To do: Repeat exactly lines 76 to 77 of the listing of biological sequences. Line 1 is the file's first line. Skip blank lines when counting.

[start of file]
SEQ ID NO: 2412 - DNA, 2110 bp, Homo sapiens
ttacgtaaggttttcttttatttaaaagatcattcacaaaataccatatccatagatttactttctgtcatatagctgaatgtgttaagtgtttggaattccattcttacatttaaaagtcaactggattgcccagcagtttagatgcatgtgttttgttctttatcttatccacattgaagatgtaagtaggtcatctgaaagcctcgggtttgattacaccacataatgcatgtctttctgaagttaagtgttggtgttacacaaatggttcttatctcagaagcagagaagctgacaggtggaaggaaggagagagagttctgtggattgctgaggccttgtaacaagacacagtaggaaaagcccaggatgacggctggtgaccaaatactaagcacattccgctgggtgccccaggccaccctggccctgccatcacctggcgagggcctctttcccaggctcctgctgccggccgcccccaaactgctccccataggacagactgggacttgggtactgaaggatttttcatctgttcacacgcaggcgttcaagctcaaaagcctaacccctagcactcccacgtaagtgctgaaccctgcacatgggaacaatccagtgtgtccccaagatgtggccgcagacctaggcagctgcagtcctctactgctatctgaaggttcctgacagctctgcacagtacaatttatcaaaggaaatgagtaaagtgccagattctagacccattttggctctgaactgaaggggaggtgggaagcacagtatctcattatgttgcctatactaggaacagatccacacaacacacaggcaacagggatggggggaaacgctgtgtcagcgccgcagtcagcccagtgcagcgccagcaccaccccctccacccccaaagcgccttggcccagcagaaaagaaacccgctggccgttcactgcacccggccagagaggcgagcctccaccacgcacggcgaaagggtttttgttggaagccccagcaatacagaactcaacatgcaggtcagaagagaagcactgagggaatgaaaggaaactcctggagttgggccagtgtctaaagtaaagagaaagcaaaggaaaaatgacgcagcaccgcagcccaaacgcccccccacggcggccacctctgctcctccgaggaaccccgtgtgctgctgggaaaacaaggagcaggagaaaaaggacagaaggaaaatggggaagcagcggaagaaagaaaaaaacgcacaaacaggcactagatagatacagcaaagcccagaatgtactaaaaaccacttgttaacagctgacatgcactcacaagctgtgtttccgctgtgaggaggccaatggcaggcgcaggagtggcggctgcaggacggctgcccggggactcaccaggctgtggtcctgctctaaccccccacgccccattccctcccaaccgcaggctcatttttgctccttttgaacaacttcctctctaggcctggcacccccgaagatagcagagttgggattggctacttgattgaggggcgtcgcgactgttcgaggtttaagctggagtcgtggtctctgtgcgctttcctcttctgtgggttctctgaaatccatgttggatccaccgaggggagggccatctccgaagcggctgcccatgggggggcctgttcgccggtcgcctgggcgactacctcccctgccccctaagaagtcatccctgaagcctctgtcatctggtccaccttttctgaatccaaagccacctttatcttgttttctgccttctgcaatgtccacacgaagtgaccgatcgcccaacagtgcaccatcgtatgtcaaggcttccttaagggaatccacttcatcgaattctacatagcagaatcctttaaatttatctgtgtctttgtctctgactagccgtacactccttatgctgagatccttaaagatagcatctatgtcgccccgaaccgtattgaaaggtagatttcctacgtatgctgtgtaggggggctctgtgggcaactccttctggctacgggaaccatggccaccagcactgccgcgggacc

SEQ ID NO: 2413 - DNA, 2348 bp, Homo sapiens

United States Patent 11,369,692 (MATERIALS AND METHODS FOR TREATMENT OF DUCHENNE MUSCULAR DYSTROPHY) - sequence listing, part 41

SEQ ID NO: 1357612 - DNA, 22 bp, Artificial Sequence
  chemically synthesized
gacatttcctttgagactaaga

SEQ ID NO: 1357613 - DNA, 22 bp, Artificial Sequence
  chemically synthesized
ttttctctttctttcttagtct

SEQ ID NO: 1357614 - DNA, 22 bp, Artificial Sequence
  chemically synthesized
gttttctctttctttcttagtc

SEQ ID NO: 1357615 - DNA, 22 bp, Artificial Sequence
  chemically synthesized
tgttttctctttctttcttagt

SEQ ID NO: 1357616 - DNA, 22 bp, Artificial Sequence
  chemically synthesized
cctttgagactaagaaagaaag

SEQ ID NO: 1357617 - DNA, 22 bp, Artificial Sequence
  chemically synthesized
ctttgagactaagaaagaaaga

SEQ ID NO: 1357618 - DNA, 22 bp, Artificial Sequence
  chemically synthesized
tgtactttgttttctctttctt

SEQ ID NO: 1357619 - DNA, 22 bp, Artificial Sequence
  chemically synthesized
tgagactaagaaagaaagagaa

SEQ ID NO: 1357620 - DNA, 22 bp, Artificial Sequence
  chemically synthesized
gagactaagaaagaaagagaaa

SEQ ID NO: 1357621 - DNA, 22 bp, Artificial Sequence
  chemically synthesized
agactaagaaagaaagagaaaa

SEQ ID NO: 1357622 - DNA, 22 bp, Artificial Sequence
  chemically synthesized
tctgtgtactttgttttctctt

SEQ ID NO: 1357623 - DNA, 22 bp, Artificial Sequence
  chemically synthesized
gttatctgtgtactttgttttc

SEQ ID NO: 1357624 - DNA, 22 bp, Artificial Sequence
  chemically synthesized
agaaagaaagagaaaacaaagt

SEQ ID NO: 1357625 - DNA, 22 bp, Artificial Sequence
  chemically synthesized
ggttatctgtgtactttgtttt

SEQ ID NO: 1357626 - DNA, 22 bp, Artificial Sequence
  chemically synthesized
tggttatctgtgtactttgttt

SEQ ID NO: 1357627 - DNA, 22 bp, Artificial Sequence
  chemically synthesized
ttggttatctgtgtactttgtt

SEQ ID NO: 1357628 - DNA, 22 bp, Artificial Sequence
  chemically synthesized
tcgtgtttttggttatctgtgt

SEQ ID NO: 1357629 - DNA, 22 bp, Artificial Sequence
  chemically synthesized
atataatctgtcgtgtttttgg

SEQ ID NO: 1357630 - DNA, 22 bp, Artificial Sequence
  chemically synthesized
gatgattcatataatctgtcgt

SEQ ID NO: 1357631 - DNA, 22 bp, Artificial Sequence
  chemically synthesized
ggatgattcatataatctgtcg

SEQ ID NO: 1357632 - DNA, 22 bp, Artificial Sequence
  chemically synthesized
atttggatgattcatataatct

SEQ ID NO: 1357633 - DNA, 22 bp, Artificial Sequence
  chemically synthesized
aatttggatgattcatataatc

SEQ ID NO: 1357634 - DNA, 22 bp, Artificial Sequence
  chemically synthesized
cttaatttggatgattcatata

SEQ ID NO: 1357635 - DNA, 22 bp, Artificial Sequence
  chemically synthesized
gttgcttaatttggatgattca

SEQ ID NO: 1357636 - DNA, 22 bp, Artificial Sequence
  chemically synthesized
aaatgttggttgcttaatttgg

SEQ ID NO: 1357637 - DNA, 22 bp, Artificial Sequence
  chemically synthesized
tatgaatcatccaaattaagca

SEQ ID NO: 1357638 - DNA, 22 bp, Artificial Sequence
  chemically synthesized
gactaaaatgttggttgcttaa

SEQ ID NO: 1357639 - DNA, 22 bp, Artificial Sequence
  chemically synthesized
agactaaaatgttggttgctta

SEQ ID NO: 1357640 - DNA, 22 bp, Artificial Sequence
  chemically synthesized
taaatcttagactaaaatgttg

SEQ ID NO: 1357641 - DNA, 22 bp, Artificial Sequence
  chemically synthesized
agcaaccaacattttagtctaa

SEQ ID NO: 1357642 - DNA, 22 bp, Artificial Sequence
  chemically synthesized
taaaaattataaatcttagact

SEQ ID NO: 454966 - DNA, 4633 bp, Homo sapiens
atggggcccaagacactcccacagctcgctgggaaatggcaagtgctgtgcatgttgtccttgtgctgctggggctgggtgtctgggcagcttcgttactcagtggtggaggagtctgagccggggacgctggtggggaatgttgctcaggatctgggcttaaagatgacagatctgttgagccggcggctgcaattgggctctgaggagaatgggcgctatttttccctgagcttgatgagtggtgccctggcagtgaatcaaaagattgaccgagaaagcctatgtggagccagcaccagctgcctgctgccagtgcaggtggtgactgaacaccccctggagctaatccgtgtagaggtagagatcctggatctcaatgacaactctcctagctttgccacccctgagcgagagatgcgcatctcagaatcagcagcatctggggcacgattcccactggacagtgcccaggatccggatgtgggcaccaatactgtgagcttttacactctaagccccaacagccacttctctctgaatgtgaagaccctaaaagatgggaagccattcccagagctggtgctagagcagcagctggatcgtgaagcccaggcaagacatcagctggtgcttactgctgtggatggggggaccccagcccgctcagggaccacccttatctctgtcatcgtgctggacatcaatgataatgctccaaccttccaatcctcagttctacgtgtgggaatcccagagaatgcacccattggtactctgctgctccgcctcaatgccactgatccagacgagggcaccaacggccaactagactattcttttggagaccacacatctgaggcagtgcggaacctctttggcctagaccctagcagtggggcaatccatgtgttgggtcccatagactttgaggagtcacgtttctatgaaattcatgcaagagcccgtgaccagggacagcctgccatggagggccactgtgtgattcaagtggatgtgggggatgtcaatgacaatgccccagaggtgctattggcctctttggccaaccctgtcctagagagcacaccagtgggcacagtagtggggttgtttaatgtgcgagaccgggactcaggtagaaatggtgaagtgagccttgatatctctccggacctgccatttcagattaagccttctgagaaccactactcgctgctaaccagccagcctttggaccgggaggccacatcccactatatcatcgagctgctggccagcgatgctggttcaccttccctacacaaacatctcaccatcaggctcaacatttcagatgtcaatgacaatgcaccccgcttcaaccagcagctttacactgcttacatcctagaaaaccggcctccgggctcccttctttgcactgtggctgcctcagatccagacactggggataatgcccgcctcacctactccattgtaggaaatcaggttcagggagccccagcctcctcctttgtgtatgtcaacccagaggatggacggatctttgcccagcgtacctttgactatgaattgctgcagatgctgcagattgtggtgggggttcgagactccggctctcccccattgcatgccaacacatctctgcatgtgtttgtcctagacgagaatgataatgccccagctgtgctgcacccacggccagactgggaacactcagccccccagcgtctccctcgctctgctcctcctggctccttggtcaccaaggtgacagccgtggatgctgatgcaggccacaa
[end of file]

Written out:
gttgcttaatttggatgattca

SEQ ID NO: 1357636 - DNA, 22 bp, Artificial Sequence